As I explained in my previous column, all these questions about the fundamental challenges faced by the EU touch upon current debates among globalization and European integration specialists. Many agree with the hypothesis that the EU has come to a point where it will have to choose between democracy, further integration and national sovereignty. According to the advocates of this “political trilemma” theory, the EU can’t have it all. It can combine two of the three but never have all three simultaneously and in full. In the terms of The Economist: Break-up would mean the end of the integration process and would restore the classic superiority of the nation state and national democracy. On the other hand, a European super state would mean full integration with the accompanying transfer of democratic checks and balances to the European level at the expense of the sovereignty and institutions of the nation state.
Putting options forward in such a blunt manner makes good headlines of course and it stimulates easy answers by politicians who seek to profit from alarmist calls to make a quick and decisive decision. In several European countries we can witness the rise of populist parties, on the right and on the left, that try to combine their old hostility towards Islam and migration with updated strong criticism of the EU and further integration. They want to return to the strong and protective nation state and do not believe that democracy can work on a supranational level. Their political opponents consist of the old conservative and social democratic parties which were traditionally staunchly pro-European, and modern liberal and green parties that have accepted the need for further integration and are willing to experiment with democracy beyond the nation state. The problem for the anti-populists is that their answers, at least for the moment, are not very convincing. As Stefan Lehne, former European top diplomat and now visiting scholar at Carnegie Europe in Brussels, put it: The pro-Europeans still have not found the right concepts “to save the euro without losing the European electorate.”
As The Economist itself concluded, the options are not black and white and the best solution will probably be situated in the vast gray area in between. The influential weekly proposed a sort of federalism “lite” to save the euro that includes some forms of further integration like a eurozone-wide system of bank supervision and a limited mutualization of debt. It explicitly argued against transferring everything to the EU level.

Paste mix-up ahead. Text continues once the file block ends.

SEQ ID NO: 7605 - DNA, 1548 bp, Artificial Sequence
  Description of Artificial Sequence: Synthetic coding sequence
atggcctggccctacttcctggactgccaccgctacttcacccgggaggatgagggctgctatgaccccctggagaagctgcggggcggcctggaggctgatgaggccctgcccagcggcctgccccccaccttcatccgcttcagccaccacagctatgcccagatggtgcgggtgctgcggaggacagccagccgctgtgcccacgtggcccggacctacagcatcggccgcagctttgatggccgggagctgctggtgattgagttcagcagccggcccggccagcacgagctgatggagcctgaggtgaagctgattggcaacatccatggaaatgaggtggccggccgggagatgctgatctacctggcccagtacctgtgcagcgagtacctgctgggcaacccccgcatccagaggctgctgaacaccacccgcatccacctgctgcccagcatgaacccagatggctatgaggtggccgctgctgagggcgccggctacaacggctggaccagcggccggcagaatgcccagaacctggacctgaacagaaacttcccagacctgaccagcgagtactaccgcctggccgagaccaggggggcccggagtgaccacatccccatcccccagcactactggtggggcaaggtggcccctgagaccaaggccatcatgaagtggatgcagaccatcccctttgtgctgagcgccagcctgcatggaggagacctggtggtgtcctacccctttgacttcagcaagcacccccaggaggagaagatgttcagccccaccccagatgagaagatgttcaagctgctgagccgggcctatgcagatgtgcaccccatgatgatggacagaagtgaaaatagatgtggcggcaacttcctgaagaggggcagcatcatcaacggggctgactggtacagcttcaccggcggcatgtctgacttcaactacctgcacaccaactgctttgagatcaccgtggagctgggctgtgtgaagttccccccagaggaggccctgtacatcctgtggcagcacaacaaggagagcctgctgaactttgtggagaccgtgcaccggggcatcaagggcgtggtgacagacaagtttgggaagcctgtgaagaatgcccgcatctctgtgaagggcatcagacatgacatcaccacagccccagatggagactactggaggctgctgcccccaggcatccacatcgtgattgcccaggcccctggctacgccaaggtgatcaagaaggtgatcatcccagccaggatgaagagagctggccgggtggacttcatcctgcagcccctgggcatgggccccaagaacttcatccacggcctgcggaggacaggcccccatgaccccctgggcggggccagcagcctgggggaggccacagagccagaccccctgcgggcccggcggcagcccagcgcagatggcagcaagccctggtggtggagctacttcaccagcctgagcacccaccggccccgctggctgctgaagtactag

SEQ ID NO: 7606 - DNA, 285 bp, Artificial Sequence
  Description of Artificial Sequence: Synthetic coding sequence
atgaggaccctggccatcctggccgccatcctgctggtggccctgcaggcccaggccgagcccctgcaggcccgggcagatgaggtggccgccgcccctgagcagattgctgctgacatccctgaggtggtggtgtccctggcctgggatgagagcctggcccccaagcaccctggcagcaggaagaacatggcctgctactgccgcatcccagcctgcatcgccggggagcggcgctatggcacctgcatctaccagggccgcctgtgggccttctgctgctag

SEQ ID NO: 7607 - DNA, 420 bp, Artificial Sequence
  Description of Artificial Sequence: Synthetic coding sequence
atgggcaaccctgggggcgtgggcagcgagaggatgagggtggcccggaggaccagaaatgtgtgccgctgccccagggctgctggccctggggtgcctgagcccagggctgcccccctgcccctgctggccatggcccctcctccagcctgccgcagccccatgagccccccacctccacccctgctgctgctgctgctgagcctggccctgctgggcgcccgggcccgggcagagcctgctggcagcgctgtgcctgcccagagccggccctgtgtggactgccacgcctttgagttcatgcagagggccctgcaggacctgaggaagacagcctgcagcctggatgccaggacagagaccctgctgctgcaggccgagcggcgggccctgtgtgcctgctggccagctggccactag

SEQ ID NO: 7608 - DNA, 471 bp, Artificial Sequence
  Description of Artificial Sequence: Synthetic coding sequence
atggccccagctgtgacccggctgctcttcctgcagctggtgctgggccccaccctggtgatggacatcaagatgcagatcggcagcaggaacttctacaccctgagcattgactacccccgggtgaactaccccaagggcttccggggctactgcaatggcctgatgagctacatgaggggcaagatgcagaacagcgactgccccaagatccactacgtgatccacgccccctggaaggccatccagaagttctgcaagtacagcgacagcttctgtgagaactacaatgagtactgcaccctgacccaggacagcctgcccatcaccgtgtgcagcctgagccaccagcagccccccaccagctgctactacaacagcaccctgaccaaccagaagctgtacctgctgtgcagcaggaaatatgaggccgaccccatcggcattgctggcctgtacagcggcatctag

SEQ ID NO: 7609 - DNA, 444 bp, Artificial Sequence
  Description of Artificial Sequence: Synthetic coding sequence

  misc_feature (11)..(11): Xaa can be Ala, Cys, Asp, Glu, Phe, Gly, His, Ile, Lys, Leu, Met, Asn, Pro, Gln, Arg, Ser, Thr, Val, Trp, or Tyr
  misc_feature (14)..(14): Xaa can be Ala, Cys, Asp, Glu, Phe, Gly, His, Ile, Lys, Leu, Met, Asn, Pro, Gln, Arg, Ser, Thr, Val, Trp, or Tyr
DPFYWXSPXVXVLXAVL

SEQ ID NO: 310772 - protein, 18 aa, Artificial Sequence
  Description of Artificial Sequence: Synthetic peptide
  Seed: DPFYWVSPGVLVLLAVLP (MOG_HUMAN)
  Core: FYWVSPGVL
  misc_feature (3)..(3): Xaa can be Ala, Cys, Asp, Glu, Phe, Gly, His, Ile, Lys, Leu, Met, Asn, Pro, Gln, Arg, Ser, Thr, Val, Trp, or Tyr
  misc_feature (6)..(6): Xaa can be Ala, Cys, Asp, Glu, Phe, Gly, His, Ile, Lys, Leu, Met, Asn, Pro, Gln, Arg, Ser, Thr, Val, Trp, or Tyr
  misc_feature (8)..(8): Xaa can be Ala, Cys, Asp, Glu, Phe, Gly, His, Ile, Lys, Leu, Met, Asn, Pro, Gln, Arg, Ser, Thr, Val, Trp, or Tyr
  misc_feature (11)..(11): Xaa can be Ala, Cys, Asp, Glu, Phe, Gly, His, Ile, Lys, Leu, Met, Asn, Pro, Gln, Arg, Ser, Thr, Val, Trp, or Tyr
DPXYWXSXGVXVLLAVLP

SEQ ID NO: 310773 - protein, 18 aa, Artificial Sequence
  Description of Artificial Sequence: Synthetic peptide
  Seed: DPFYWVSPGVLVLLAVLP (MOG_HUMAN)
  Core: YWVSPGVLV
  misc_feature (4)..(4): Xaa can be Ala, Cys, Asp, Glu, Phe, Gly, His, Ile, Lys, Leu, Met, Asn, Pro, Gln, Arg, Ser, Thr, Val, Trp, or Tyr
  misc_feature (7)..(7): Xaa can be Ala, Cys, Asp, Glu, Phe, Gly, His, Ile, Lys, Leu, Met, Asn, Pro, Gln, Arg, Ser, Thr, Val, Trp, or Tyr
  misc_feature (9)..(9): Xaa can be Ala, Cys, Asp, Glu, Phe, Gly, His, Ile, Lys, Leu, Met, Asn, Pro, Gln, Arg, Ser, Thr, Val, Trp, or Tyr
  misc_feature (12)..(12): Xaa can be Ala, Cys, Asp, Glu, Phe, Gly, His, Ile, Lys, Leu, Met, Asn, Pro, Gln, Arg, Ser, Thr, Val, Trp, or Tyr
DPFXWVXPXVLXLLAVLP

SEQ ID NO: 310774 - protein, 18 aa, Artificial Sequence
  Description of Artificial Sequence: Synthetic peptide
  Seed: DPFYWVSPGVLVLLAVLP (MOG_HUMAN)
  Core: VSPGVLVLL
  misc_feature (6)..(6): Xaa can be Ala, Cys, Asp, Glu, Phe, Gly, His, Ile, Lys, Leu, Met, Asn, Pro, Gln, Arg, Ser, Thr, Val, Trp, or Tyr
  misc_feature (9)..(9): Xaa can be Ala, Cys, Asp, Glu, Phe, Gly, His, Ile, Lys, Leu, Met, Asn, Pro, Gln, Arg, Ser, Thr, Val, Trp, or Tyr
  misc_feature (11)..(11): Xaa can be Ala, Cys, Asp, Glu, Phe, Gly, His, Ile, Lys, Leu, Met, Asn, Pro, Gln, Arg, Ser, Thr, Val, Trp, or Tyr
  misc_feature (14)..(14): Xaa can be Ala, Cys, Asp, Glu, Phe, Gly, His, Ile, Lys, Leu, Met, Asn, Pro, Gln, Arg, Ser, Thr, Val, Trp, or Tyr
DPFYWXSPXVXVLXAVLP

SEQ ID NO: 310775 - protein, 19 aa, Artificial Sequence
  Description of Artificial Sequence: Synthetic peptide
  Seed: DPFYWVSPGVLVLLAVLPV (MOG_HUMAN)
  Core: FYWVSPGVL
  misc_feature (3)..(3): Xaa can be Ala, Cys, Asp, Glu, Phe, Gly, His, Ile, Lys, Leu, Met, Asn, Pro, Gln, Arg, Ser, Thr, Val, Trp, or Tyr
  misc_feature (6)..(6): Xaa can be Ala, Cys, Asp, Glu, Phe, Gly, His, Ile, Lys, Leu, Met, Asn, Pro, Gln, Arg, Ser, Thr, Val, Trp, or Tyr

In an interesting blog, US-based Professor Peter Lindseth comes to a similar conclusion. He agrees with those who foresee neither a break-up nor a firm step in the direction of fully fledged integration, but expect the EU to muddle through. A majority of Europeans simply do not want to give up on the EU or a common currency but they are also skeptical about giving too much power to Brussels and leaving all democratic control to the European Parliament. In Lindseth’s words: “No doubt the balance between the functional demands of integration and the national forms of democracy will be, as it always has been, a difficult one to strike. But striking that balance is a necessary consequence of the significant, but still ultimately limited, power of the European idea in relation to ideas of democracy that, for better or worse, remain wedded to the nation state.”
In my words: We are waiting for European leaders to come up with a solution to the present euro crisis that recognizes the inevitables: 1. The wish to save the euro and therefore the need for further, limited or otherwise, integration on economic and fiscal issues. 2. The desire to uphold nation state sovereignty in as many other policy fields as possible. 3. The necessity to develop a new mix of national and supranational forms of democracy that wins over skeptical European citizens and establishes effective checks and balances at the same time.
In other words, don’t believe the prophets of the final choice and prepare for a messy European compromise. That is the essence of the EU, whether some academics or populists like it or not.